Annelids of the eastern Australian abyss collected by the 2017 RV ‘Investigator’ voyage
Gunton, Laetitia M; Kupriyanova, Elena K.; Alvestad, Tom; Avery, Lynda; Blake, James A.; Biriukova, Olga; Böggemann, Markus; Borisova, Polina B.; Budaeva, Nataliya; Burghardt, Ingo; Capa, Maria; Georgieva, Magdalena N.; Glasby, Christopher J.; Hsueh, Pan-Wen; Hutchings, Pat; Jimi, Naoto; Kongsrud, Jon Anders; Meißner, Karin; Murray, Anna; Nikolic, Mark; Paxton, Hannelore; Ramos, Dino; Schulze, Anja; Sobczyk, Robert; Watson, Charlotte; Wiklund, Helena; Wilson, Robin S.; Zhadan, Anna; Jinghuai, Zhang; Langeneck, Joachim
Journal article, Peer reviewed
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Original versionZooKeys. 2021, 1020, 1-198. 10.3897/zookeys.1020.57921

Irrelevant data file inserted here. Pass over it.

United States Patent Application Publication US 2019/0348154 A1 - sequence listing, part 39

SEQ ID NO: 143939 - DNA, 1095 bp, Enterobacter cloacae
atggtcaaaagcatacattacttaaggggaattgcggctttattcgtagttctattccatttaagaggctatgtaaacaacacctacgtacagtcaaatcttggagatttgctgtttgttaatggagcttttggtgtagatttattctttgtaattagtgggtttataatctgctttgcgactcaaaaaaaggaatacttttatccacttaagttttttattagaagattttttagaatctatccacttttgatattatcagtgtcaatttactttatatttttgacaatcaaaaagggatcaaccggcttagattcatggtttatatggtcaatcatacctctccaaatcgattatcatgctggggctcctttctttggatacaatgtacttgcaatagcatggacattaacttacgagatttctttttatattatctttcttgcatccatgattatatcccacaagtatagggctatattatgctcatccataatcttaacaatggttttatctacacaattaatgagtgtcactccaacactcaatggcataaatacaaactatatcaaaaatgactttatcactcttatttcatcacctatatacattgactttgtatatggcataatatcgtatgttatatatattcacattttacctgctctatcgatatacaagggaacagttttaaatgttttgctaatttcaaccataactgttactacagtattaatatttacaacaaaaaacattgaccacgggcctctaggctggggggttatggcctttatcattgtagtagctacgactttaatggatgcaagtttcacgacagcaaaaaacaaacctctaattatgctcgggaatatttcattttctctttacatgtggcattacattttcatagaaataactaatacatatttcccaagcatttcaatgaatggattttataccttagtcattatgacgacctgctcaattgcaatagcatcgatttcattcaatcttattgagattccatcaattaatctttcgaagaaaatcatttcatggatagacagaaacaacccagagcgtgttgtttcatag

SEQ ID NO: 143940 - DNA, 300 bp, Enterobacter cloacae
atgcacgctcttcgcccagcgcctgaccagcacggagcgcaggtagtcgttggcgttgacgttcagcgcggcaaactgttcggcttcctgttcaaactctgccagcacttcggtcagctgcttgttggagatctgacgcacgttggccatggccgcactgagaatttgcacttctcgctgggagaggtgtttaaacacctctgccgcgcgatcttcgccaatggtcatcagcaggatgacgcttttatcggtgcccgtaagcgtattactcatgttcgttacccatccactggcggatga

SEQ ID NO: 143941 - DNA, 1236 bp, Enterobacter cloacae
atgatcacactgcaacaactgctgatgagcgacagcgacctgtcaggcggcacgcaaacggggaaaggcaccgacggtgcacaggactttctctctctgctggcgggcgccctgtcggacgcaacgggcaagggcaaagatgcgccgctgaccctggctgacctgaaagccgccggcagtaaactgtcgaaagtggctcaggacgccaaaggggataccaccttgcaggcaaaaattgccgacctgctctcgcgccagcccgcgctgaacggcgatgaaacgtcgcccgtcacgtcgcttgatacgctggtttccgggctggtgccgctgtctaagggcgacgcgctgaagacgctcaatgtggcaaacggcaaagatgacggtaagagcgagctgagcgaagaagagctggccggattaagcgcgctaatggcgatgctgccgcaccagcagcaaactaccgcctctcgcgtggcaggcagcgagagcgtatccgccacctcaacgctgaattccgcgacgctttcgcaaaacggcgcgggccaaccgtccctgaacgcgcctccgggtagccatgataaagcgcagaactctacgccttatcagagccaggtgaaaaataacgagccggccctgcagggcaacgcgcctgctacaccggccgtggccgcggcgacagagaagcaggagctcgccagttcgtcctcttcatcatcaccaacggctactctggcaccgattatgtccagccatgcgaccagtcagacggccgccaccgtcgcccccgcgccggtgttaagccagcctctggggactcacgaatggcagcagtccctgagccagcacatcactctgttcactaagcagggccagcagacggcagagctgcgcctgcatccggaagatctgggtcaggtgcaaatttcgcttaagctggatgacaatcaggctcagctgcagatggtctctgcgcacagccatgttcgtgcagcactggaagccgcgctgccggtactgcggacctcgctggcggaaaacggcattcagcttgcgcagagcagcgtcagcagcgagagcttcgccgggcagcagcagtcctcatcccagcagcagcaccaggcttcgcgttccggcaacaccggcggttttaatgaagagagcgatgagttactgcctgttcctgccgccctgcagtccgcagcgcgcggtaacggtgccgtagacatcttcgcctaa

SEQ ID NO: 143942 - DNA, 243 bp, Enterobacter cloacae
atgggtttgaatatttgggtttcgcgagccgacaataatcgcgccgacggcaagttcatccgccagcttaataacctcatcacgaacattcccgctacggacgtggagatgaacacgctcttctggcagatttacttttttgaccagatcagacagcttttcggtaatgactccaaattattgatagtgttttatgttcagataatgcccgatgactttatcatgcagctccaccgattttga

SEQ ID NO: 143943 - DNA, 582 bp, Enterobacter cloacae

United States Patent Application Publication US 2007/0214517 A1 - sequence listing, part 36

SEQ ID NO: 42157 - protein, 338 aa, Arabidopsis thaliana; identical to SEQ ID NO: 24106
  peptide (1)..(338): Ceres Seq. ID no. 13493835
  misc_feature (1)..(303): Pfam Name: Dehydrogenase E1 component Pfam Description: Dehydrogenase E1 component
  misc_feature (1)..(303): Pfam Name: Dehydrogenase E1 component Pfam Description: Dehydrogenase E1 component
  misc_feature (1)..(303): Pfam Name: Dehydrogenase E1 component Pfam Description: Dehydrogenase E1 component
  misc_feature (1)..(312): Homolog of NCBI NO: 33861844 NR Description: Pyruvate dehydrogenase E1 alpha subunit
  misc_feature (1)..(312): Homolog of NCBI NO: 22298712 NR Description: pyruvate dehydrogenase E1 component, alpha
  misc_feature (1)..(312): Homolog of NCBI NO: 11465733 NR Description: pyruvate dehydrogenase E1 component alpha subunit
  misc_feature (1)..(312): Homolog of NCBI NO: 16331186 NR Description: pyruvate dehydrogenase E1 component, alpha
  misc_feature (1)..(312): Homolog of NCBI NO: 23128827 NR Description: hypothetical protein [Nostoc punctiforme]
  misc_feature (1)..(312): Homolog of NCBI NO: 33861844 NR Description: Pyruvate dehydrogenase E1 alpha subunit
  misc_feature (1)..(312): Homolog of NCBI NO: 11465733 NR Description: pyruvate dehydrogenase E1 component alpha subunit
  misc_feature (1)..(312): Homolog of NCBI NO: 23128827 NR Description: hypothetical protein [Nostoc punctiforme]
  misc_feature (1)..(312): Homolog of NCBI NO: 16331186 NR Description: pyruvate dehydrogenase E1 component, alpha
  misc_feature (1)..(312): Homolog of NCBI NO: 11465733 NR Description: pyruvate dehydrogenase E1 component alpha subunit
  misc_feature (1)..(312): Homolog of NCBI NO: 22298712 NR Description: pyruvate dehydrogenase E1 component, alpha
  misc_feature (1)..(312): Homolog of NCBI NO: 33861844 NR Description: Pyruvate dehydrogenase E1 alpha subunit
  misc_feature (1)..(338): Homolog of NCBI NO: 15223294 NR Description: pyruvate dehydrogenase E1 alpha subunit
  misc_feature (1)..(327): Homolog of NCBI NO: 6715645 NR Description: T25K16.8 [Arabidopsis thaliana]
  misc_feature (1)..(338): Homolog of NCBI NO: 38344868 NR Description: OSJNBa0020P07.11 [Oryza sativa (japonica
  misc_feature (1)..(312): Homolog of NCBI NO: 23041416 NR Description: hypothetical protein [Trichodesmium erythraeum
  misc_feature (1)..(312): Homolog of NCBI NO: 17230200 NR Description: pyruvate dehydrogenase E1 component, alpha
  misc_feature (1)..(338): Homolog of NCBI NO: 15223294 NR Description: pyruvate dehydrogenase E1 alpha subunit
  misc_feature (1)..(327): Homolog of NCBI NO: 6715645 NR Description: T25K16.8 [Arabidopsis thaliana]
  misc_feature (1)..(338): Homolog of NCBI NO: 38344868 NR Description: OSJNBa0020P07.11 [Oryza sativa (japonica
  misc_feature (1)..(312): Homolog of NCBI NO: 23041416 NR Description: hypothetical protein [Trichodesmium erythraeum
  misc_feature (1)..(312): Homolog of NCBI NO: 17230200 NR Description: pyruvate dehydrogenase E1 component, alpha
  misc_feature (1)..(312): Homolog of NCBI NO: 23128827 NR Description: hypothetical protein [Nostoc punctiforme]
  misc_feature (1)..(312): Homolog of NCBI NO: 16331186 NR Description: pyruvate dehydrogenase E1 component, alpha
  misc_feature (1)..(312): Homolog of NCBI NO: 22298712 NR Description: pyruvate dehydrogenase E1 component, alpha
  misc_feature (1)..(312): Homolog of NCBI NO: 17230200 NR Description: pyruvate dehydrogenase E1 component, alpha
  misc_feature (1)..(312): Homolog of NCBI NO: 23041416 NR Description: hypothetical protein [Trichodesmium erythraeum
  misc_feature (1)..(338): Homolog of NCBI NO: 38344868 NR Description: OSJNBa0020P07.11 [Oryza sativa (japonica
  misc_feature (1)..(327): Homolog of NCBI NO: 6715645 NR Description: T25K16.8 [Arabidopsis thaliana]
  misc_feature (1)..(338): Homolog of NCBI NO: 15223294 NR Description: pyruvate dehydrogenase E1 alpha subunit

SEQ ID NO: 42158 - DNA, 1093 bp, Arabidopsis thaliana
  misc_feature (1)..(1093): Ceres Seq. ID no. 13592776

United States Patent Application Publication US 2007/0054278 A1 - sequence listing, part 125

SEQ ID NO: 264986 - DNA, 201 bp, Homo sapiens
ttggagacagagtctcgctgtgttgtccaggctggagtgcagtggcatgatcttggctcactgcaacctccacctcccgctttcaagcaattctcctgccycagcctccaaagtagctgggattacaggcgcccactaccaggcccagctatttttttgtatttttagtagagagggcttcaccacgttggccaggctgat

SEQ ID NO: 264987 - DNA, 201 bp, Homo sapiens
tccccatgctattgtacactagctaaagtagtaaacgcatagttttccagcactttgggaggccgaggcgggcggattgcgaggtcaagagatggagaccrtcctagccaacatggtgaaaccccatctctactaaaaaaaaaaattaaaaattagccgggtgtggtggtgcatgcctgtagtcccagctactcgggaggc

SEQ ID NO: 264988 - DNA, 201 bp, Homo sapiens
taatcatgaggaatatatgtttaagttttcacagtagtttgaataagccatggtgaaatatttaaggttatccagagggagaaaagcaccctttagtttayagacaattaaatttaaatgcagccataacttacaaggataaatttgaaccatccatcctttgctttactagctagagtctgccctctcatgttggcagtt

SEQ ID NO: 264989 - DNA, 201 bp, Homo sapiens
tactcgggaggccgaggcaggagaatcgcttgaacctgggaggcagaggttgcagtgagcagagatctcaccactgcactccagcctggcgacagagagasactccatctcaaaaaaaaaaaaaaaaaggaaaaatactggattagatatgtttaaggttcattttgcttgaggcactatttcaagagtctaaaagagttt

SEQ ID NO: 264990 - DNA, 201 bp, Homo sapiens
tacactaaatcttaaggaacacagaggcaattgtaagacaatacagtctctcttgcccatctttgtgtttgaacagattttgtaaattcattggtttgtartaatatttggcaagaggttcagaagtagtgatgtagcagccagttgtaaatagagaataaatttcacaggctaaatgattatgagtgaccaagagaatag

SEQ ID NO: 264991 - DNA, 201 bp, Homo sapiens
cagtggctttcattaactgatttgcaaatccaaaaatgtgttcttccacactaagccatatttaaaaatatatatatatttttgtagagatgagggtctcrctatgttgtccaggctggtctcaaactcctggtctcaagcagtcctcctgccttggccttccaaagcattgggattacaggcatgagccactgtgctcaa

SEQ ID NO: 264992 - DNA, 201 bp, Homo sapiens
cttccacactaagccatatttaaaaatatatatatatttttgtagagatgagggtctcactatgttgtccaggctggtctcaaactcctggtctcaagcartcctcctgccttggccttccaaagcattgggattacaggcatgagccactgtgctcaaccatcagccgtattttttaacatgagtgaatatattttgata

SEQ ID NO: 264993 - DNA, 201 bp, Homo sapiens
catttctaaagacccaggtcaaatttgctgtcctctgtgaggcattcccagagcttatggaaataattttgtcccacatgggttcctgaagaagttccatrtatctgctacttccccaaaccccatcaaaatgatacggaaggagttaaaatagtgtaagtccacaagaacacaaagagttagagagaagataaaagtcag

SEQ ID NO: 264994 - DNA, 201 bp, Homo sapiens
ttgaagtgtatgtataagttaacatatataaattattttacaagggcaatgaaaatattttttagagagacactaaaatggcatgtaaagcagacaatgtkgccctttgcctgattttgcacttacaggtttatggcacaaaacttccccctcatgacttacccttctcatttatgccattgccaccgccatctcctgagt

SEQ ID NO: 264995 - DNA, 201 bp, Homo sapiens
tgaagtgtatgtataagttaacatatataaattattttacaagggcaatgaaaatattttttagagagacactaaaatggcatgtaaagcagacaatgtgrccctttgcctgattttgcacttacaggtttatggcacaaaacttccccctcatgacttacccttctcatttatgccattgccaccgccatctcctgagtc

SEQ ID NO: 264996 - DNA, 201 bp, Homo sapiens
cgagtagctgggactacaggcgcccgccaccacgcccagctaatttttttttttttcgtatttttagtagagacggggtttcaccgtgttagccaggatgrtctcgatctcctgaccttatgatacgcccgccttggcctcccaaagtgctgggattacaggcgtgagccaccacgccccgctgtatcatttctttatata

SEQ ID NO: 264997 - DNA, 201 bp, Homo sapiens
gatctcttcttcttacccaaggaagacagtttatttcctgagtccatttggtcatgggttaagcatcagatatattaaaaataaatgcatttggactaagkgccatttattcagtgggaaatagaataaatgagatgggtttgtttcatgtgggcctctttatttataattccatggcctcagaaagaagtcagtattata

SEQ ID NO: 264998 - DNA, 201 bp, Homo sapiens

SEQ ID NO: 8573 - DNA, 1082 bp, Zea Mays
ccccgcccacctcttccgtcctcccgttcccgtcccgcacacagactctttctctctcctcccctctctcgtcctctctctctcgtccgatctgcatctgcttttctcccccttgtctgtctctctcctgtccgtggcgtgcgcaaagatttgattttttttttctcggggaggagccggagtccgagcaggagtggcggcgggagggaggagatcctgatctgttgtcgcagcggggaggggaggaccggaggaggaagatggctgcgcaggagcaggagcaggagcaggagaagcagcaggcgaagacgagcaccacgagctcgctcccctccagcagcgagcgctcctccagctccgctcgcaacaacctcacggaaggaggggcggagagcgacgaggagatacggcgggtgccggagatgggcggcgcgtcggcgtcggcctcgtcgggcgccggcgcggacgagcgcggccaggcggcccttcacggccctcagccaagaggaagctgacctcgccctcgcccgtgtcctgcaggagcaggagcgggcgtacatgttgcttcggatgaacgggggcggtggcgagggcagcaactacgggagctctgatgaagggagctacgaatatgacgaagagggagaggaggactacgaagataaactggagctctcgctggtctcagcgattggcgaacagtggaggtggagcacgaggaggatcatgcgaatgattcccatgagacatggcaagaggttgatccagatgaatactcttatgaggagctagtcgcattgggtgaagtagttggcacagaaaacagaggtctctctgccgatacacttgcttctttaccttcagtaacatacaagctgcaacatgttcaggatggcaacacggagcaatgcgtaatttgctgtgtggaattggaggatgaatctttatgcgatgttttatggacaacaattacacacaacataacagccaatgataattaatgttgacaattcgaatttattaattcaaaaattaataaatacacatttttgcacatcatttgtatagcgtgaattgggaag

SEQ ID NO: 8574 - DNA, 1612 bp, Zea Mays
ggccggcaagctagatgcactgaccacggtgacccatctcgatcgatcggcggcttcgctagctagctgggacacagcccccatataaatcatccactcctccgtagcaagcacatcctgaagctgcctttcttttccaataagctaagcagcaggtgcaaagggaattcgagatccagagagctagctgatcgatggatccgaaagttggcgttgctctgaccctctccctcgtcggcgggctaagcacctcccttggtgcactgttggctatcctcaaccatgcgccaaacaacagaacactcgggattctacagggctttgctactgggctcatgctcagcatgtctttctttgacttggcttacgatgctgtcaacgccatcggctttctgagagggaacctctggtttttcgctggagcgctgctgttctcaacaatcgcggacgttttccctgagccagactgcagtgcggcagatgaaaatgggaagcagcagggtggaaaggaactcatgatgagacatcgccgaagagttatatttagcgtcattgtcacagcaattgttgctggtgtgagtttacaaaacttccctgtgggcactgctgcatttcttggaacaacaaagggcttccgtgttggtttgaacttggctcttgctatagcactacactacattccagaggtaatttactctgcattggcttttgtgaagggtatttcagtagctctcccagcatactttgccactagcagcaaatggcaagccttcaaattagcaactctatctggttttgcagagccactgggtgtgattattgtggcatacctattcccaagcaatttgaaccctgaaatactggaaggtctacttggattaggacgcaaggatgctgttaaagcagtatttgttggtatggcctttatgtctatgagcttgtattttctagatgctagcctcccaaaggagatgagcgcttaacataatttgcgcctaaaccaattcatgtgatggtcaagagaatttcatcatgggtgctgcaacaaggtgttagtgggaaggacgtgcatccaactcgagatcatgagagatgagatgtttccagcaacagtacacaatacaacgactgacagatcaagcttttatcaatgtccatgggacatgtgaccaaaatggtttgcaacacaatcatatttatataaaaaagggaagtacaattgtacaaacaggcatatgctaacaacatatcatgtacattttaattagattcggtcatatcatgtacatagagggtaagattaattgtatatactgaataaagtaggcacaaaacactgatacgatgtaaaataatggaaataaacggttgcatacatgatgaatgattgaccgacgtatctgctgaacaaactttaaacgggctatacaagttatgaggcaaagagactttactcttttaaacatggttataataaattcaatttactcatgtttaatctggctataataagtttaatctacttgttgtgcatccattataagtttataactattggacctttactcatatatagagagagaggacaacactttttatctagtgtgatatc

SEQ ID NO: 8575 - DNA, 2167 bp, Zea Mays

In Australia, the deep-water (bathyal and abyssal) benthic invertebrate fauna is poorly known in comparison with that of shallow (subtidal and shelf) habitats. Benthic fauna from the deep eastern Australian margin was sampled systematically for the first time during 2017 RV ‘Investigator’ voyage ‘Sampling the Abyss’. Box core, Brenke sledge, and beam trawl samples were collected at one-degree intervals from Tasmania, 42°S, to southern Queensland, 24°S, from 900 to 4800 m depth. Annelids collected were identified by taxonomic experts on individual families around the world. A complete list of all identified species is presented, accompanied with brief morphological diagnoses, taxonomic remarks, and colour images. A total of more than 6000 annelid specimens consisting of 50 families (47 Polychaeta, one Echiura, two Sipuncula) and 214 species were recovered. Twenty-seven species were given valid names, 45 were assigned the qualifier cf., 87 the qualifier sp., and 55 species were considered new to science. Geographical ranges of 16 morphospecies extended along the eastern Australian margin to the Great Australian Bight, South Australia; however, these ranges need to be confirmed with genetic data. This work providing critical baseline biodiversity data on an important group of benthic invertebrates from a virtually unknown region of the world’s ocean will act as a springboard for future taxonomic and biogeographic studies in the area.